Check out this month’s odd and outrageous news stories!
Used Kitchen Ad Comes with Mysogonist Quip.
Viennese humor can easily be lost on non-German speakers, but in the case of this not-so-classy classified, the intentions of its author weren’t quite clear. Online audiences were divided over a recent willhaben.at ad for a used kitchen, which touted its good condition in a curious way.
Putting the beige kitchen on the resale market for €200, the ad’s author simply stated that it is “in good condition, because my old lady can’t cook.” To fully appreciate it, here’s the ad’s main selling point in German: “Guter Zustand, da meine Oide net kochen kann.” Whether you think the willhaben post is funny or chauvinist, it seems to have done its job – as well as trigger outrage from unamused netizens. There’s no word on what the poster’s definitely-better half thought about the ad.
Viktor Orbán Gifts Austria Horses for Its New Equestrian Police
Viktor Orbán isn’t one to horse around: The Hungarian prime minister apparently takes his political alliances as seriously as he does crackdowns on the press, as a recent gift to the Alpine republic has shown.
At the end of July, Orbán, who believes that immigration is the “Trojan horse of terrorism” has given two five-year-old stallions to the Austrian government he sees as politically like-minded on many issues. The black Nonius horses, called Zalan and Zadar, have been raised in the state-owned stud farm Mezöhegyes – founded in 1784 by Joseph II, Holy Roman Emperor (and King of Hungary). The website propeller.hu has called the offer a “gallant gesture in response to Austria gifting Hungary snowplows.”
Orbán seems to appreciate Austria’s valiant effort to improve European security with a 11-horse-strong mounted police unit. But Minister of the Interior Herbert Kickl’s party hasn’t always been so welcoming of nonlocal animals. Recently, local Freedom Party politician Gottfried Waldhäusl caused a stir with his warning of dogs with a “migration background” taking up precious space in animal shelters. (see “Weird News,” MET Jul/Aug 2018) Now closer to establishing a mounted police force for Vienna, a commission has been established to select the remaining horses from stud farms in Hungary, Germany and Austria. And if you’re a police officer interested in joining the cause, it’s not too late – recruitment is still open!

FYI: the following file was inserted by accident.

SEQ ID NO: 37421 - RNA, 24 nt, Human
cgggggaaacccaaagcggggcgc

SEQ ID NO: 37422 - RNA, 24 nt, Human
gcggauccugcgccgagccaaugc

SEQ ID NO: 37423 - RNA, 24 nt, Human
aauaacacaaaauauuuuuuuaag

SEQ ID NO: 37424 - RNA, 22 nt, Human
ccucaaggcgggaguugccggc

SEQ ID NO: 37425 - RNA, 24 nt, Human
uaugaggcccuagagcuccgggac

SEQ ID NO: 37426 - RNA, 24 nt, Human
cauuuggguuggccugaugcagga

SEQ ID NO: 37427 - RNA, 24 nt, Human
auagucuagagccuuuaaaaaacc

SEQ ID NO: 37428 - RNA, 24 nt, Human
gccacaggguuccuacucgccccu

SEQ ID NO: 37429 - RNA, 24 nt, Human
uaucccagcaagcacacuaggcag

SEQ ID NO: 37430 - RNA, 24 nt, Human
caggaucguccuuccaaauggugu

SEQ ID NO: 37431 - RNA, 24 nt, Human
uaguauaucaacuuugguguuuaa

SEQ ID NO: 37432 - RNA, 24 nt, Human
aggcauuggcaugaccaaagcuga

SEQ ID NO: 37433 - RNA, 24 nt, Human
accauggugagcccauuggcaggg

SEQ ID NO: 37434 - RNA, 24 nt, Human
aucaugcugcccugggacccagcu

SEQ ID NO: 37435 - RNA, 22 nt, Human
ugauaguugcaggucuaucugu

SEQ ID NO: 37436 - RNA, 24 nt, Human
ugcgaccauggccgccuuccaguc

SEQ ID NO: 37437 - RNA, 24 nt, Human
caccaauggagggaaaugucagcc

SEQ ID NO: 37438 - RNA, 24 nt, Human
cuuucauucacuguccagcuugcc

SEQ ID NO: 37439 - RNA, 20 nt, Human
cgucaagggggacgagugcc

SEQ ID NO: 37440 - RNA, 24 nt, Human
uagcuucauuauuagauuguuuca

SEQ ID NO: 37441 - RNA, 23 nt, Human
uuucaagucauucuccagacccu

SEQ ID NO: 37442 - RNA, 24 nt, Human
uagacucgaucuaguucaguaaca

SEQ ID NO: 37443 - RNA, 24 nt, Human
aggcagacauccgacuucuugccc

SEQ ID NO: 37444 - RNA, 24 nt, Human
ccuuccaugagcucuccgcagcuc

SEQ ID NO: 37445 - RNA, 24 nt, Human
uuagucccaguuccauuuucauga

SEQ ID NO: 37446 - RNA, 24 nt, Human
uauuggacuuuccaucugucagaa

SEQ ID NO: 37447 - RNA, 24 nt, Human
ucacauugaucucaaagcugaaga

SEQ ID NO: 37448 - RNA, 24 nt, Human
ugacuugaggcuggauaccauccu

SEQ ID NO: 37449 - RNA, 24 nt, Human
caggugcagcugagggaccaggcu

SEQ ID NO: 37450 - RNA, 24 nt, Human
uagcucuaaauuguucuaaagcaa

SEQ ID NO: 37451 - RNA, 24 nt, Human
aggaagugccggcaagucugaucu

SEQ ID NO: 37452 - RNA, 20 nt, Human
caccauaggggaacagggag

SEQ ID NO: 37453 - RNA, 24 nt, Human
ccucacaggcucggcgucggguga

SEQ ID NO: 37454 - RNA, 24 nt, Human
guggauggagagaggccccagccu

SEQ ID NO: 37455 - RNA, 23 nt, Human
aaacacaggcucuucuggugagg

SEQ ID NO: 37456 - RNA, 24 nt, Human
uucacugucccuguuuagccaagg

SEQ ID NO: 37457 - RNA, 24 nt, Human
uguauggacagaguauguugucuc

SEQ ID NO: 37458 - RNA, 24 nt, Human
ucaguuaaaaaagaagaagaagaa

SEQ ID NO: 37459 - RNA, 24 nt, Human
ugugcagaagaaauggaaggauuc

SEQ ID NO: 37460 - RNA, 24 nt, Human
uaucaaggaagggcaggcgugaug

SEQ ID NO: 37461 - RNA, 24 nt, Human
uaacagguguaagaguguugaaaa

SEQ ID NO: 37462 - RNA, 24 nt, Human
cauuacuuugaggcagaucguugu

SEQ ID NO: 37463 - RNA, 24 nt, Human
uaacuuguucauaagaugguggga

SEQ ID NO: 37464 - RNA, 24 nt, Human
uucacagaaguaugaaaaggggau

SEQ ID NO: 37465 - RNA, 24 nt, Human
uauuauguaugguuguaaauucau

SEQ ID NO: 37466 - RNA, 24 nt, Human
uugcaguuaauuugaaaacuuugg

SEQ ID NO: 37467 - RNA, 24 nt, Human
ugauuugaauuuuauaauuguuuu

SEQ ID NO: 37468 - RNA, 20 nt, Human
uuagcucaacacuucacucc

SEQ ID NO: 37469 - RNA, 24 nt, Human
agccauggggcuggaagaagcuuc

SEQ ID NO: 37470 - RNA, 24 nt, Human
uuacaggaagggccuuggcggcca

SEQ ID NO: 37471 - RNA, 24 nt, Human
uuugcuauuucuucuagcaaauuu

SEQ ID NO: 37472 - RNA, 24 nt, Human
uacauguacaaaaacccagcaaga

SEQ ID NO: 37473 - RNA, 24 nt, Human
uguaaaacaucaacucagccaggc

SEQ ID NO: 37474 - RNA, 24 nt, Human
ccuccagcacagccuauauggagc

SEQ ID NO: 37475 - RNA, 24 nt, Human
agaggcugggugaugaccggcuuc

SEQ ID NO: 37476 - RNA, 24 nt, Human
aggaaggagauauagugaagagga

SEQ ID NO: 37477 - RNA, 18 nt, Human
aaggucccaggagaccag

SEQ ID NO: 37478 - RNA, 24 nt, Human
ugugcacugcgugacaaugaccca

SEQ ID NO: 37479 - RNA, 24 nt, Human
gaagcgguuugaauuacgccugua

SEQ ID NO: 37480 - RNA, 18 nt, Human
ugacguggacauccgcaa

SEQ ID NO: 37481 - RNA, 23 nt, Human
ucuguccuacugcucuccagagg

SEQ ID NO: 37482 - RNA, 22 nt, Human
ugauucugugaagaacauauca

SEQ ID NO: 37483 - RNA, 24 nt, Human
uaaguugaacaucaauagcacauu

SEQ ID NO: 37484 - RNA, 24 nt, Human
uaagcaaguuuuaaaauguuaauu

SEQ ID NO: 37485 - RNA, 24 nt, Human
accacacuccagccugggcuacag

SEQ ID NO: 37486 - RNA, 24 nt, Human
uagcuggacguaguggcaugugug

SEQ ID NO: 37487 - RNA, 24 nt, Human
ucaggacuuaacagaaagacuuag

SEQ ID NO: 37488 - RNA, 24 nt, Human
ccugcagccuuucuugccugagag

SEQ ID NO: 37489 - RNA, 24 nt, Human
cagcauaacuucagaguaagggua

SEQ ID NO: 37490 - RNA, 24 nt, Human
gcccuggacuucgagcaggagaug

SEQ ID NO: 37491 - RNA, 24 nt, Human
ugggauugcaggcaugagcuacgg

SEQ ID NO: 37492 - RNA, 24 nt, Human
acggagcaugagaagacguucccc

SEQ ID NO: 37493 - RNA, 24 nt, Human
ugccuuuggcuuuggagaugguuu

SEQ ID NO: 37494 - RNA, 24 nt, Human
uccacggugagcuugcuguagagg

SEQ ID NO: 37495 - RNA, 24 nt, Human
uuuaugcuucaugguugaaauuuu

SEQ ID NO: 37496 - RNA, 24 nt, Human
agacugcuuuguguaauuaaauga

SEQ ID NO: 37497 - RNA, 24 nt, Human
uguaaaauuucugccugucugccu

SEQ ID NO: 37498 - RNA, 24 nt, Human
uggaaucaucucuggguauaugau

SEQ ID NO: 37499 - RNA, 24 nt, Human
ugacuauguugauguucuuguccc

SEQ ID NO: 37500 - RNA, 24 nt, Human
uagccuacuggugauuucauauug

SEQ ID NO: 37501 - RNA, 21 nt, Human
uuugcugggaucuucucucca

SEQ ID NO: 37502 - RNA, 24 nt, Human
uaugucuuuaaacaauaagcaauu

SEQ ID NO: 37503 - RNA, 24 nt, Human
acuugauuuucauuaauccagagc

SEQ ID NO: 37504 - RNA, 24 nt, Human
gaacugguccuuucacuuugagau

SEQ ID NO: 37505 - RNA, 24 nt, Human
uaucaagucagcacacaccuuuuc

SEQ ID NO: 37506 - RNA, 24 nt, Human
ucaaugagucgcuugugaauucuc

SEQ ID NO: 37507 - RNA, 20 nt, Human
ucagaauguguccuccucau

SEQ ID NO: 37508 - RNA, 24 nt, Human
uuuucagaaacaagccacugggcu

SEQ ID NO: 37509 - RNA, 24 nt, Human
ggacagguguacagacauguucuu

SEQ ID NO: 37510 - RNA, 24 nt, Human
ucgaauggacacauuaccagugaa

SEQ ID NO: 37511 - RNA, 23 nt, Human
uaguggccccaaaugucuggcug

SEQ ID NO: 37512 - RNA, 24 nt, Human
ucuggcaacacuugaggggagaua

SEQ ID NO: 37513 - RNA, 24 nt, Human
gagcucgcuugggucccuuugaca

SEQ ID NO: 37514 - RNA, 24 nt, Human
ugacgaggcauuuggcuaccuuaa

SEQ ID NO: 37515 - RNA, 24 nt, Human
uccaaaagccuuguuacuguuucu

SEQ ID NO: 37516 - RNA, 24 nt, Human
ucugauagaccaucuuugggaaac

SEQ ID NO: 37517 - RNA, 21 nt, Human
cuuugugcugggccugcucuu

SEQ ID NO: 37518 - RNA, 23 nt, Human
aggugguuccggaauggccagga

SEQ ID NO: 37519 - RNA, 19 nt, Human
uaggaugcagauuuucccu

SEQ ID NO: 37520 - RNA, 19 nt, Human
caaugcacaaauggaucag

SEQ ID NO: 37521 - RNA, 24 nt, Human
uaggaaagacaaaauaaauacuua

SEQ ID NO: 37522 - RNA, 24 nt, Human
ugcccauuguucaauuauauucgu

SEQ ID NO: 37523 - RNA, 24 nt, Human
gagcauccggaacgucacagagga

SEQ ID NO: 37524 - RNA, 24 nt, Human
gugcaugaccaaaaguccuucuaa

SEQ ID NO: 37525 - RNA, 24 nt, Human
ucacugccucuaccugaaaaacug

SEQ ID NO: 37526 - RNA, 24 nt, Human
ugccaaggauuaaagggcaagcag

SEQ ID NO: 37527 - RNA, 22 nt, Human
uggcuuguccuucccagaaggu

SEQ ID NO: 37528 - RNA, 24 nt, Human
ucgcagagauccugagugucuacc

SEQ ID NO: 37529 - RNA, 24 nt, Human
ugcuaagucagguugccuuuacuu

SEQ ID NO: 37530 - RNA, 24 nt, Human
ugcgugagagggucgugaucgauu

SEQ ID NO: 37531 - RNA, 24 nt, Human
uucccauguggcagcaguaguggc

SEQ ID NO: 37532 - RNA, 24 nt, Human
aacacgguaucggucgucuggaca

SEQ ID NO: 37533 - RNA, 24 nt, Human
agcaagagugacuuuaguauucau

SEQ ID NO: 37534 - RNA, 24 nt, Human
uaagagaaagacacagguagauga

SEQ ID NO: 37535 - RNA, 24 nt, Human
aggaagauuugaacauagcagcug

Does the Viennese Commute Stink?
Vienna is known for its excellent commuting experience, but a publicity stunt by the Wiener Linien, which operates the city’s public transportation system, briefly made people think otherwise! In the heat of summer, the U6 subway line was chosen by City Councilor Ulli Sima and Wiener Linien boss Alexandra Reinagl for an inspired public service targeting perspiring commuters. Many commuters already know that the U6 tends to heat up faster in the hot summer months as it mostly runs above ground; the fact that about half of all train carriages aren’t yet equipped with air conditioning units doesn’t help.
So a little perspiration is par for the course when temperatures top 30 degrees – but any relief is sure to be appreciated, which is why this particular giveaway promoting new cooling measures was well-received. Over 14,000 free deodorants were “ripped out of the hands” of Wiener Linien workers on a single day in mid-July, according to spokesman David Amann.
It was so successful, in fact, that international media outlets such as the Washington Post , National Public Radio, the BBC and many others didn’t turn up their noses at reporting about this viral stunt.
The German FAZ even asked: “Do these commuters stink?” Now, with its anti- odor offensive in full swing, the Wiener Linien has identified the next culprit: from September on, food will no longer be allowed on the U6, and a general ban on food on the subway will follow next January!